Thursday, March 30, 2006

An Ending, A Beginning

For the past two weeks I've been so deeply involved in my recording projects that I've not stopped to post my notes on the process here. But now, on the cusp of April, I've reached a state of completion and arrival, so I'll step back for a bit and try to describe what I' ve been up to.
First of all, my Americana song project is finished. And it's been renamed HORIZON IS A SONG-- from a line in my song "Ridin' Ahead of the Storm."
I had a surge of activity during March. It started with recording a short voice and Dobro version of the old gospel tune "Farther Along." I wanted to capture the sense of a gospel radio broadcast coming from far away in distance, and maybe even time. So I EQd and treated the recording for an old radio sound. I also dipped into a stash of radio static and dial-turning sounds I recorded a while ago, and placed them in the mix. The result is a sort of aural bridge between songs and feelings on the record.
Next up, the same day, was a simple voice and guitar version of a song I wrote when I was in my twenties. "Passport Photo" is, again, a late-night/early morning song, this time from a sort of jazz-bossa perspective. (It's actually a tribute to Lester Young, who was my absolute musical hero for a long time, a long time ago.) I did it in two takes, sitting in a carpeted hallway for that soft, intimate, close-up, dead-room sound.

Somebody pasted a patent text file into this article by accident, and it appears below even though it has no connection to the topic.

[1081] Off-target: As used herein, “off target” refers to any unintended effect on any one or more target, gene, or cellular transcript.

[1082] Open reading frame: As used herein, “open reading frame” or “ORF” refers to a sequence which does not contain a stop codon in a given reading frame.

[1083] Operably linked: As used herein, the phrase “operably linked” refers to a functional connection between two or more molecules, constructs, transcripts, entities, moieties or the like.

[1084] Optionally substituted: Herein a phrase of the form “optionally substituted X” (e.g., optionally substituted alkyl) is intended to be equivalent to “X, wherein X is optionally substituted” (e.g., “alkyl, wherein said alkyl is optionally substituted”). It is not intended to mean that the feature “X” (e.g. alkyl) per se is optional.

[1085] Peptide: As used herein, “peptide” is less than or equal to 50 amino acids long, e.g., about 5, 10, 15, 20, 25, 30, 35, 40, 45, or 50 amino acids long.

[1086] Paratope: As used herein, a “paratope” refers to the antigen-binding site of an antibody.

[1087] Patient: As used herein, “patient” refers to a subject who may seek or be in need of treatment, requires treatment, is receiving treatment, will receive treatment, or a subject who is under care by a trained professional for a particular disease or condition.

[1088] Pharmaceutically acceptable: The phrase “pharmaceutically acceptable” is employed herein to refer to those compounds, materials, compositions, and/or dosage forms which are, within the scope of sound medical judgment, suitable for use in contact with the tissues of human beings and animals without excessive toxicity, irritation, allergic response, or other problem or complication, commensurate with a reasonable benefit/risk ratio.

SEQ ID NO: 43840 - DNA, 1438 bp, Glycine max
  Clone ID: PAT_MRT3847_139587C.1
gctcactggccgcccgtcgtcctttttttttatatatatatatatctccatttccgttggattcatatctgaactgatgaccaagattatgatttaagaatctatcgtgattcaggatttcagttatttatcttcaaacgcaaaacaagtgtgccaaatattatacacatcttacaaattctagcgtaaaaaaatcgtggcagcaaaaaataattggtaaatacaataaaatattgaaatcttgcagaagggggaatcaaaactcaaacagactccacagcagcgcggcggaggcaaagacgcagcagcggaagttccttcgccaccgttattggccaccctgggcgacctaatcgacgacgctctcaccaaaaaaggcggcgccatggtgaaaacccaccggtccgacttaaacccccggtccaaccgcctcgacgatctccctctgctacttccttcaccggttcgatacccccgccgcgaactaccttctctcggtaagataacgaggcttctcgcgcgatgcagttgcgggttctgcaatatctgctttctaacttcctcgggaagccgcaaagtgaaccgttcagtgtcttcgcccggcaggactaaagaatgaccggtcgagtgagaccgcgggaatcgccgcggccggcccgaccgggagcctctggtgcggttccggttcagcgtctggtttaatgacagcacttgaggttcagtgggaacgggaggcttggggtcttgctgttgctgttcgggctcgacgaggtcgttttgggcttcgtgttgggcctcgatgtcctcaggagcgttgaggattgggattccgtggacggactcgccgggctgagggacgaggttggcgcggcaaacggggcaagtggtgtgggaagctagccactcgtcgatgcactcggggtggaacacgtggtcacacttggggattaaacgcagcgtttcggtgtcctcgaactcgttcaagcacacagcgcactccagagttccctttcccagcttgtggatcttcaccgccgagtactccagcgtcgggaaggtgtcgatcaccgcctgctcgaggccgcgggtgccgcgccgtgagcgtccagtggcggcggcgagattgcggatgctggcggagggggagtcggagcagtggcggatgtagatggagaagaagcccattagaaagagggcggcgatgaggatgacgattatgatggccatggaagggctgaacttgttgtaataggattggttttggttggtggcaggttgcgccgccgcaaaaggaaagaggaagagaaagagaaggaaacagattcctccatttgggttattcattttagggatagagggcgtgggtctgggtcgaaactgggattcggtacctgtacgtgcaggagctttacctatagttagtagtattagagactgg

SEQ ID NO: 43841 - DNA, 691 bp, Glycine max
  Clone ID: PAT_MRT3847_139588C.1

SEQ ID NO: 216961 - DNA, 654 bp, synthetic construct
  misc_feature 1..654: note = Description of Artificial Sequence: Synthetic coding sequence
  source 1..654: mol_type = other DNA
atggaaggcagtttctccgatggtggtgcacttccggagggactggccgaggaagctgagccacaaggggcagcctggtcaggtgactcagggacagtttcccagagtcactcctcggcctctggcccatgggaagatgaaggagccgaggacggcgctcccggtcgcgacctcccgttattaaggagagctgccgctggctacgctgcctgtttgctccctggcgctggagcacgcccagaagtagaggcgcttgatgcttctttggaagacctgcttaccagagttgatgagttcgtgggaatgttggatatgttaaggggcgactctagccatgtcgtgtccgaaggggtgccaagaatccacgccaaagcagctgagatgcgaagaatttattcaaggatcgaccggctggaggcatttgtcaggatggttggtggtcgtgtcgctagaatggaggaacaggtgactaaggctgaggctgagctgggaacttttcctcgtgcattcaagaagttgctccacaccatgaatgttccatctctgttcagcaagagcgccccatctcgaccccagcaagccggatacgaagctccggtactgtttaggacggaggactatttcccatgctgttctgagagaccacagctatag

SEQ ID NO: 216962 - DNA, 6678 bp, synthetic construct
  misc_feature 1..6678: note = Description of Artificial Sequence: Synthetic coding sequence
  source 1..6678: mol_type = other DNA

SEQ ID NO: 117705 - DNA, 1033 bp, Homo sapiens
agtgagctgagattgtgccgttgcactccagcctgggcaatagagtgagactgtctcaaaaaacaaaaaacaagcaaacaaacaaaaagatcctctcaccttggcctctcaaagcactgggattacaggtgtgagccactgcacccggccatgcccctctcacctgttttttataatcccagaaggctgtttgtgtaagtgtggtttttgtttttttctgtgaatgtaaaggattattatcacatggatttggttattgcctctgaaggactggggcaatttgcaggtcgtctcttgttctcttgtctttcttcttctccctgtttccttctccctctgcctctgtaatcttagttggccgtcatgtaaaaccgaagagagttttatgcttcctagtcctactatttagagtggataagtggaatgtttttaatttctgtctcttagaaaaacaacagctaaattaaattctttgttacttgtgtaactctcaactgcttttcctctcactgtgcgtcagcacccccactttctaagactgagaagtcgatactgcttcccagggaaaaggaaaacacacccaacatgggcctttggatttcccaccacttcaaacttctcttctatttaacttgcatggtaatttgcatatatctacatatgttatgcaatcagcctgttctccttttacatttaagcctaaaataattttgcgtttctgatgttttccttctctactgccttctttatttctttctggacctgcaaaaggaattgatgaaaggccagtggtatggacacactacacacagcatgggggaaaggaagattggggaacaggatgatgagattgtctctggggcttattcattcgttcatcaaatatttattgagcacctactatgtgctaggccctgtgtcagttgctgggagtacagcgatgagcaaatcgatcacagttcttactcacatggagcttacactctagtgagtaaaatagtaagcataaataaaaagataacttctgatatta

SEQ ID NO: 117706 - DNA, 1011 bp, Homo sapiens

I added a second voice and sparse second guitar, with bleed from the monitors in the other--much harder-surfaced-- room adding a cool sense of space with a strange, tight reverb. A couple of quick mixes, a touch of EQ and compression and voila: A jazzbo hipster vignette from my distant past!!!
A few days later came the piece that made the record finished. I'd been fooling around for a couple of days with my daughter's mandolin when, one morning, a song formed. I set up mics and tracked it in 3 takes. I spent the rest of the day adding more vocals, bass, and steel, then made a few mixes.
Later, a comment from Robin about the lead vocal sounding odd inspired me to again pull out that magic Radio Shack dynamic mic. With the mic handheld, I triple-tracked the lead vocal part. Panned together, those voices made for an instant, subtle Simon and Garfunkel sheen. Cool!
Eight hours spent on less than two minutes of music. But the next day I realized that this song-- called "That Sound"-- captured the theme of the album. One line in particular: "And I wonder if she'll hear it in the darkness when they broadcast this song.." nailed the essence of what the whole project was reaching for.
So now, the last song written would be the first on the album.

After a week or so of tweaking, remixing-- and fades, edits, etc.-- I realized that the album was finished. It had gone from hope and desire to actual entity.
Next time out, I'll get back to THE LAKE EFFECT, which, by the way, seems to have acquired a new name too....